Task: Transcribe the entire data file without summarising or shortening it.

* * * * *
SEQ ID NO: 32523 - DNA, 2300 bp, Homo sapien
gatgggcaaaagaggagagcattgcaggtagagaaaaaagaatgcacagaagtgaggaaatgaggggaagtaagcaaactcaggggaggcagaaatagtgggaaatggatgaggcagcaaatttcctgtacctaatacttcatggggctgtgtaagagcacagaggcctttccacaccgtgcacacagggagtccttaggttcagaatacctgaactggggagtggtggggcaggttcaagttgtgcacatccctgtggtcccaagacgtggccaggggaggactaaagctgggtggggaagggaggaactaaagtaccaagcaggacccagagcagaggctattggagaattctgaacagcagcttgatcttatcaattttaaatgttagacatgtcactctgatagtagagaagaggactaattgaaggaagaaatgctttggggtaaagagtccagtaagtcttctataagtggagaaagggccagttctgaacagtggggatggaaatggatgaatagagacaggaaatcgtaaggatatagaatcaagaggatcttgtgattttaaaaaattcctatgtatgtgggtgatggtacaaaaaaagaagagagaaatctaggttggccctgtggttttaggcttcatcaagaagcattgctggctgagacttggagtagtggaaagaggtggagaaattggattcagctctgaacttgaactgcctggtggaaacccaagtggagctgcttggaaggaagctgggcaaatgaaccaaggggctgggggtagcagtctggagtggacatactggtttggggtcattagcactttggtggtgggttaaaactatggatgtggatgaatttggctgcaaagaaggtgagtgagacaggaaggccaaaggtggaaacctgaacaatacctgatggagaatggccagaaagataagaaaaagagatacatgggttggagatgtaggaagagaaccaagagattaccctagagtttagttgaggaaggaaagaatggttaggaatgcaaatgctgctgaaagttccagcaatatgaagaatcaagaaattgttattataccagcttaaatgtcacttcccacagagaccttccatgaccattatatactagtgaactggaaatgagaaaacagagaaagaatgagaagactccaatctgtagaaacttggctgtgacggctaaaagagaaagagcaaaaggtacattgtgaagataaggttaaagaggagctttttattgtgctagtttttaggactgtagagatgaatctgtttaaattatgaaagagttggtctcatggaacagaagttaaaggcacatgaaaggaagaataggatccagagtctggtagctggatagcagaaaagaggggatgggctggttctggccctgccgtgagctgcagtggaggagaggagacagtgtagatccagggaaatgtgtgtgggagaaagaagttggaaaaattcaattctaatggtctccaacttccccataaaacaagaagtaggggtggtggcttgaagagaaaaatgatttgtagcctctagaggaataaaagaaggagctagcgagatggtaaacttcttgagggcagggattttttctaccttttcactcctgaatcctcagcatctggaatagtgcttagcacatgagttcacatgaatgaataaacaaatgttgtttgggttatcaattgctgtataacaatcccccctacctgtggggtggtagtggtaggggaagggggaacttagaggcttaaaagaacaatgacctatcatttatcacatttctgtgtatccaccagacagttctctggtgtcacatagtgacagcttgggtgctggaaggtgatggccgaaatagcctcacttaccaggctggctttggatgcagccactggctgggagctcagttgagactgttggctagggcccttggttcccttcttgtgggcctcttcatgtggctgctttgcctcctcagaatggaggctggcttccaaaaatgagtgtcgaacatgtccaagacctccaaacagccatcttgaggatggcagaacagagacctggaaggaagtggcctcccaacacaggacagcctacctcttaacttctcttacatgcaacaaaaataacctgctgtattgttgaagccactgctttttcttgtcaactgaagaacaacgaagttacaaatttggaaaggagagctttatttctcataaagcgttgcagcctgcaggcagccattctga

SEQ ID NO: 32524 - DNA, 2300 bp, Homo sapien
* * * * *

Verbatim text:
SEQ ID NO: 32523 - DNA, 2300 bp, Homo sapien
gatgggcaaaagaggagagcattgcaggtagagaaaaaagaatgcacagaagtgaggaaatgaggggaagtaagcaaactcaggggaggcagaaatagtgggaaatggatgaggcagcaaatttcctgtacctaatacttcatggggctgtgtaagagcacagaggcctttccacaccgtgcacacagggagtccttaggttcagaatacctgaactggggagtggtggggcaggttcaagttgtgcacatccctgtggtcccaagacgtggccaggggaggactaaagctgggtggggaagggaggaactaaagtaccaagcaggacccagagcagaggctattggagaattctgaacagcagcttgatcttatcaattttaaatgttagacatgtcactctgatagtagagaagaggactaattgaaggaagaaatgctttggggtaaagagtccagtaagtcttctataagtggagaaagggccagttctgaacagtggggatggaaatggatgaatagagacaggaaatcgtaaggatatagaatcaagaggatcttgtgattttaaaaaattcctatgtatgtgggtgatggtacaaaaaaagaagagagaaatctaggttggccctgtggttttaggcttcatcaagaagcattgctggctgagacttggagtagtggaaagaggtggagaaattggattcagctctgaacttgaactgcctggtggaaacccaagtggagctgcttggaaggaagctgggcaaatgaaccaaggggctgggggtagcagtctggagtggacatactggtttggggtcattagcactttggtggtgggttaaaactatggatgtggatgaatttggctgcaaagaaggtgagtgagacaggaaggccaaaggtggaaacctgaacaatacctgatggagaatggccagaaagataagaaaaagagatacatgggttggagatgtaggaagagaaccaagagattaccctagagtttagttgaggaaggaaagaatggttaggaatgcaaatgctgctgaaagttccagcaatatgaagaatcaagaaattgttattataccagcttaaatgtcacttcccacagagaccttccatgaccattatatactagtgaactggaaatgagaaaacagagaaagaatgagaagactccaatctgtagaaacttggctgtgacggctaaaagagaaagagcaaaaggtacattgtgaagataaggttaaagaggagctttttattgtgctagtttttaggactgtagagatgaatctgtttaaattatgaaagagttggtctcatggaacagaagttaaaggcacatgaaaggaagaataggatccagagtctggtagctggatagcagaaaagaggggatgggctggttctggccctgccgtgagctgcagtggaggagaggagacagtgtagatccagggaaatgtgtgtgggagaaagaagttggaaaaattcaattctaatggtctccaacttccccataaaacaagaagtaggggtggtggcttgaagagaaaaatgatttgtagcctctagaggaataaaagaaggagctagcgagatggtaaacttcttgagggcagggattttttctaccttttcactcctgaatcctcagcatctggaatagtgcttagcacatgagttcacatgaatgaataaacaaatgttgtttgggttatcaattgctgtataacaatcccccctacctgtggggtggtagtggtaggggaagggggaacttagaggcttaaaagaacaatgacctatcatttatcacatttctgtgtatccaccagacagttctctggtgtcacatagtgacagcttgggtgctggaaggtgatggccgaaatagcctcacttaccaggctggctttggatgcagccactggctgggagctcagttgagactgttggctagggcccttggttcccttcttgtgggcctcttcatgtggctgctttgcctcctcagaatggaggctggcttccaaaaatgagtgtcgaacatgtccaagacctccaaacagccatcttgaggatggcagaacagagacctggaaggaagtggcctcccaacacaggacagcctacctcttaacttctcttacatgcaacaaaaataacctgctgtattgttgaagccactgctttttcttgtcaactgaagaacaacgaagttacaaatttggaaaggagagctttatttctcataaagcgttgcagcctgcaggcagccattctga

SEQ ID NO: 32524 - DNA, 2300 bp, Homo sapien